Noted filmmaker Ken Burns Visits Carleton-Willard

Submitted by Carleton-Willard Village

During his visit, Burns met with Carleton-Willard’s World War II Memory Project volunteers. Image (c) Carleton-Willard 2012 All rights reserved

The Carleton-Willard auditorium was filled on Monday as residents eagerly waited to hear a talk from legendary documentary filmmaker Ken Burns. And they were not disappointed.  For the next hour and a half, Mr. Burns delighted the crowd with clips from past projects, including the award-winning The Civil War and the recently released film on World War II, The War. He also talked about and showed segments from the soon to be released The Dust Bowl as well as an upcoming film on Teddy, Franklin and Eleanor Roosevelt.  Taking questions afterwards, he talked about the meticulous process he uses in filmmaking, the important part played by the music, and his perspective on society and how it has changed in the years since World War II.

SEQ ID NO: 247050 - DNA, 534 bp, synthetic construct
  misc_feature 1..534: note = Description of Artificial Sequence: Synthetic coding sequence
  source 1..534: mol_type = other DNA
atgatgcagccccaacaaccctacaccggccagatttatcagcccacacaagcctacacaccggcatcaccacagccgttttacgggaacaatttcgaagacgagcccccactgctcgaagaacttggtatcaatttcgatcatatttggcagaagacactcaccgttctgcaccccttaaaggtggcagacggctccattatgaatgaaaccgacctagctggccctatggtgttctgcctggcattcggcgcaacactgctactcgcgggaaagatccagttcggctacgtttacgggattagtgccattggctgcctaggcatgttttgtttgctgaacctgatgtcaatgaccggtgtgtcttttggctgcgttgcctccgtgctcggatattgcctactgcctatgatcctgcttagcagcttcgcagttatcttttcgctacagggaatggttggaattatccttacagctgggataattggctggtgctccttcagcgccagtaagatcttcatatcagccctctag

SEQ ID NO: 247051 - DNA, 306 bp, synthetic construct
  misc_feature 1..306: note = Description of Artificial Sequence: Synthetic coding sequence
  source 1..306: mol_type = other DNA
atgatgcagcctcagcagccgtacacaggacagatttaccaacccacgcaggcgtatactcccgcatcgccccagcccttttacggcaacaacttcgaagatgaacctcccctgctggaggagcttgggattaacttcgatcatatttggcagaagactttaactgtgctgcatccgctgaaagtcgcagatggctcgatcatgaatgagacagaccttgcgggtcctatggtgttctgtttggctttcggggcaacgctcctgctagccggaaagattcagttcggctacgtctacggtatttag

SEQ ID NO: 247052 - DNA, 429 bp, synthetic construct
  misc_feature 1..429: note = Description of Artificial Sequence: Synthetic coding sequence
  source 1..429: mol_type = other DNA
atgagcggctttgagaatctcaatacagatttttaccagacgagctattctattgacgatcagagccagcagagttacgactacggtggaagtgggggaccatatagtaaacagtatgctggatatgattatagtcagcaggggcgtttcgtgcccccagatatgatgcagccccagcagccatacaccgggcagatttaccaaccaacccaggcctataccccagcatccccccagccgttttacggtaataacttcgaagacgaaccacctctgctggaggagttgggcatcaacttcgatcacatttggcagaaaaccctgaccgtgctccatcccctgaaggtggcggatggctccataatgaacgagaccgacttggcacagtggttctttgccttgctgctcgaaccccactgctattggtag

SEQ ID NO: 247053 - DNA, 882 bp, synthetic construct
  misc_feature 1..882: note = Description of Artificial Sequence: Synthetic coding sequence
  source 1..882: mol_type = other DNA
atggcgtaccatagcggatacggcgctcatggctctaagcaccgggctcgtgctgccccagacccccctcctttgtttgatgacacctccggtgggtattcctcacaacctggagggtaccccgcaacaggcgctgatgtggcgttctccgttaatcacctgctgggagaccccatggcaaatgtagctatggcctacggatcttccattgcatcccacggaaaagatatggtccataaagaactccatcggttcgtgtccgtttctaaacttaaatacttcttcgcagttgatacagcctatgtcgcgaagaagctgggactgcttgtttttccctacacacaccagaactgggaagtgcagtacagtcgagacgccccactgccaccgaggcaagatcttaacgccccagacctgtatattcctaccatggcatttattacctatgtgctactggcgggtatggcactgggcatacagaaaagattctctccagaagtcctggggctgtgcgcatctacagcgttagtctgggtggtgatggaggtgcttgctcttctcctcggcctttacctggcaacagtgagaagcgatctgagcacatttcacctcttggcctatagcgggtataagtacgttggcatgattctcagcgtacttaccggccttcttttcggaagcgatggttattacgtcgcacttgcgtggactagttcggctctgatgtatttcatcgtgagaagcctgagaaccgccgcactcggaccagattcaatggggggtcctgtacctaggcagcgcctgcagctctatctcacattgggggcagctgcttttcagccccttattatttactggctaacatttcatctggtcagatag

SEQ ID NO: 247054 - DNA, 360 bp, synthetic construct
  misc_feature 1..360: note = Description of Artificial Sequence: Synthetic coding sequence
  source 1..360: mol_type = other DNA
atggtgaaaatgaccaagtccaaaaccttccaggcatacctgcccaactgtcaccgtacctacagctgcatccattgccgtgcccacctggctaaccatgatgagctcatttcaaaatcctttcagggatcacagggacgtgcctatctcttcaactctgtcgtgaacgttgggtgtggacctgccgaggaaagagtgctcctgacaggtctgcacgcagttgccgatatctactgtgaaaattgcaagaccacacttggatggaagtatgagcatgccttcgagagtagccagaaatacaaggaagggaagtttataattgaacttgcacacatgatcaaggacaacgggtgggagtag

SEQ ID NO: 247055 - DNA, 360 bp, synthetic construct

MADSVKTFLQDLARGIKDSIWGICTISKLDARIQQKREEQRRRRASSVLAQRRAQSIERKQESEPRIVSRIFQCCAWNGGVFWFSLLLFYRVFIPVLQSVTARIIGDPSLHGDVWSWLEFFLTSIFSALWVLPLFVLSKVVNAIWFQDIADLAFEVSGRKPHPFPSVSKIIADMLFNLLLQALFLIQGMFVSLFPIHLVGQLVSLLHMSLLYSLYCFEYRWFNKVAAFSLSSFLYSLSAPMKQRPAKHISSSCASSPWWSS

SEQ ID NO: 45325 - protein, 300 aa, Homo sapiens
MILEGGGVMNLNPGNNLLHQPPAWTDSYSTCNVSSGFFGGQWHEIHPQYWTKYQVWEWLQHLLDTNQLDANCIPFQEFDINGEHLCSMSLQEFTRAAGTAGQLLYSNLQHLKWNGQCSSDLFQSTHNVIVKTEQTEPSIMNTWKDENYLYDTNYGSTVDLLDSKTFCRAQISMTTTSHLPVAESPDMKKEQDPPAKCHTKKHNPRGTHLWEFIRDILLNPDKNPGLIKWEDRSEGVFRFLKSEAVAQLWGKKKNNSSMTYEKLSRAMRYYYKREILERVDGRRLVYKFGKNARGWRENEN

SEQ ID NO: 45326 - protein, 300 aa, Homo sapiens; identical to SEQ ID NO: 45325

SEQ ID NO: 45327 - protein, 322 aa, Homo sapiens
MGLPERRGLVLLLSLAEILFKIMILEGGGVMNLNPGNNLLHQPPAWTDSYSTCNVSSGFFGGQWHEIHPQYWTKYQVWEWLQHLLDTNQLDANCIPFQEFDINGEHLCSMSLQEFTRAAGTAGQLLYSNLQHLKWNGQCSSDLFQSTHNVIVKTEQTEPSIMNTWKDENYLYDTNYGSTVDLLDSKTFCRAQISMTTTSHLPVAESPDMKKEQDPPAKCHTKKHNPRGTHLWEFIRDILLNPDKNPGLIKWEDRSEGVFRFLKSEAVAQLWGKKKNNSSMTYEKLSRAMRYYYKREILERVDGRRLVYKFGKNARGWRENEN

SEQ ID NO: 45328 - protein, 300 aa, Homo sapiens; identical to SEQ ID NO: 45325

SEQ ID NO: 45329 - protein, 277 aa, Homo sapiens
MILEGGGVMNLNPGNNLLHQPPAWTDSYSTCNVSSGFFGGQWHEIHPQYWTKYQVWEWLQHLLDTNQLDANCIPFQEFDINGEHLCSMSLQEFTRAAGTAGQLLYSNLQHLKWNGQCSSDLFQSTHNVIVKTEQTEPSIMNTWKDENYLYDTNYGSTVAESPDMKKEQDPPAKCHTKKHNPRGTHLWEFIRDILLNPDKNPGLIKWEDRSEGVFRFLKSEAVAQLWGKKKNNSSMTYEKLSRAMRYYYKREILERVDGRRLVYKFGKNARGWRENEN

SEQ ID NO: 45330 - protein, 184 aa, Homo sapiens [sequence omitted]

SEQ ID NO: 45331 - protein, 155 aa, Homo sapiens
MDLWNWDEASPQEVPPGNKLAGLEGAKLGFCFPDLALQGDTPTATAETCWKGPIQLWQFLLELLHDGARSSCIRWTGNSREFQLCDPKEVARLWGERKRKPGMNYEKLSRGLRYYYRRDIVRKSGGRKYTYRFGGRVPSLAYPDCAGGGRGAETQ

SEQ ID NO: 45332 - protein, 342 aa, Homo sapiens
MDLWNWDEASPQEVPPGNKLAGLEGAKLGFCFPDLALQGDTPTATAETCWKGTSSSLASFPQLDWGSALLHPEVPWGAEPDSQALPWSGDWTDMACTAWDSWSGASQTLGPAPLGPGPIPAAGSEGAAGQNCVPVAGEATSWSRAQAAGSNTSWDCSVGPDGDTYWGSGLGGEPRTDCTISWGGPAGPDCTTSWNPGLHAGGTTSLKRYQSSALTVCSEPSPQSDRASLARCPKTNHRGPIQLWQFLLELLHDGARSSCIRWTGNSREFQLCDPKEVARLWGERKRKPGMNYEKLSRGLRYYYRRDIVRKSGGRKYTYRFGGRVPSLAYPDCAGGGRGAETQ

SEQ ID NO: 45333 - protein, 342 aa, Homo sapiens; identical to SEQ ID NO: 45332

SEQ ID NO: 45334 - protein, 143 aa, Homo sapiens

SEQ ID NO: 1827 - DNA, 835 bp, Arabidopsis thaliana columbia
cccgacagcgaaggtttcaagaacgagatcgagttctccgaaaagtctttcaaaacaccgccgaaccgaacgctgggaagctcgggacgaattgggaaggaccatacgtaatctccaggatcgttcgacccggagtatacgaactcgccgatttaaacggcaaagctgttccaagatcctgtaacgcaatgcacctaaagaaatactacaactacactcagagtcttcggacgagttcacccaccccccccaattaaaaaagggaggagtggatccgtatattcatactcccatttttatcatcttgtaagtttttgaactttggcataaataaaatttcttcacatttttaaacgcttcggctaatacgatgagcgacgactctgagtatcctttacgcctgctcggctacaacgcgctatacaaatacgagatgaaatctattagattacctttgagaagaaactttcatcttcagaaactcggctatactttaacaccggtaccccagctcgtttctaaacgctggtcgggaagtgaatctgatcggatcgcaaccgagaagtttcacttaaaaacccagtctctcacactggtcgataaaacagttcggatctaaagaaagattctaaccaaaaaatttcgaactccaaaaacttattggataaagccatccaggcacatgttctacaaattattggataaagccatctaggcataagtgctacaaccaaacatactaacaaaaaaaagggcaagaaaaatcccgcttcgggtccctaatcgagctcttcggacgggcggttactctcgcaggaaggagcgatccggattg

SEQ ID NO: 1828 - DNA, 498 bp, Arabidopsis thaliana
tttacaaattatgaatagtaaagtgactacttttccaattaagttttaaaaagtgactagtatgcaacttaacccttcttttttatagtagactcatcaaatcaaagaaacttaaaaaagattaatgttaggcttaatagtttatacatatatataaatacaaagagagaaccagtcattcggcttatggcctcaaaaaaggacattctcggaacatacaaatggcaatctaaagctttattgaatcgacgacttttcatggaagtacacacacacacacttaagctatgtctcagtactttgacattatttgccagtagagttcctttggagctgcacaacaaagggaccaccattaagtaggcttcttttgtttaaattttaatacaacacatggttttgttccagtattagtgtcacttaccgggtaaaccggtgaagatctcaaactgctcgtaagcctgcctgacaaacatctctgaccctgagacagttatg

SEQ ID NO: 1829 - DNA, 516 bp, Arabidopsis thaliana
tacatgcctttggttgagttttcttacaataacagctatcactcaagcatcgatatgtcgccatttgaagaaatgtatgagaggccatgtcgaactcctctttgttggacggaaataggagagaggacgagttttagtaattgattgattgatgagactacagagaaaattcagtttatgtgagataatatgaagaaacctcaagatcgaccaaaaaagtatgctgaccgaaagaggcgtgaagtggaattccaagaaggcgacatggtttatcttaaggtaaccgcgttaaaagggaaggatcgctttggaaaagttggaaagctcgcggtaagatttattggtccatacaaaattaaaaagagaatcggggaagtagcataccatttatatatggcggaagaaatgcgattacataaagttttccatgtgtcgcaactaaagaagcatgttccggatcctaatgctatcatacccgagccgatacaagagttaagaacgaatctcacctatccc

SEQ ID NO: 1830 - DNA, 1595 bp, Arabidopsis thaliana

Ward Chamberlain and Ken Burns Image (c) Carleton-Willard 2012 All rights reserved

Ken Burns’ visit to Carleton-Willard Village came about because of a 30-year relationship with one of its residents, Ward Chamberlin. Mr. Chamberlin was one of the founders of Public Broadcasting in the United States and was instrumental in bringing The Civil War to the airwaves. In the decades since, they have maintained a personal friendship as well as a strong professional relationship. During his visit, Mr. Burns also spent time with Carleton-Willard’s World War II Memories Committee, a group of residents who have been developing video oral histories of their wartime experiences.

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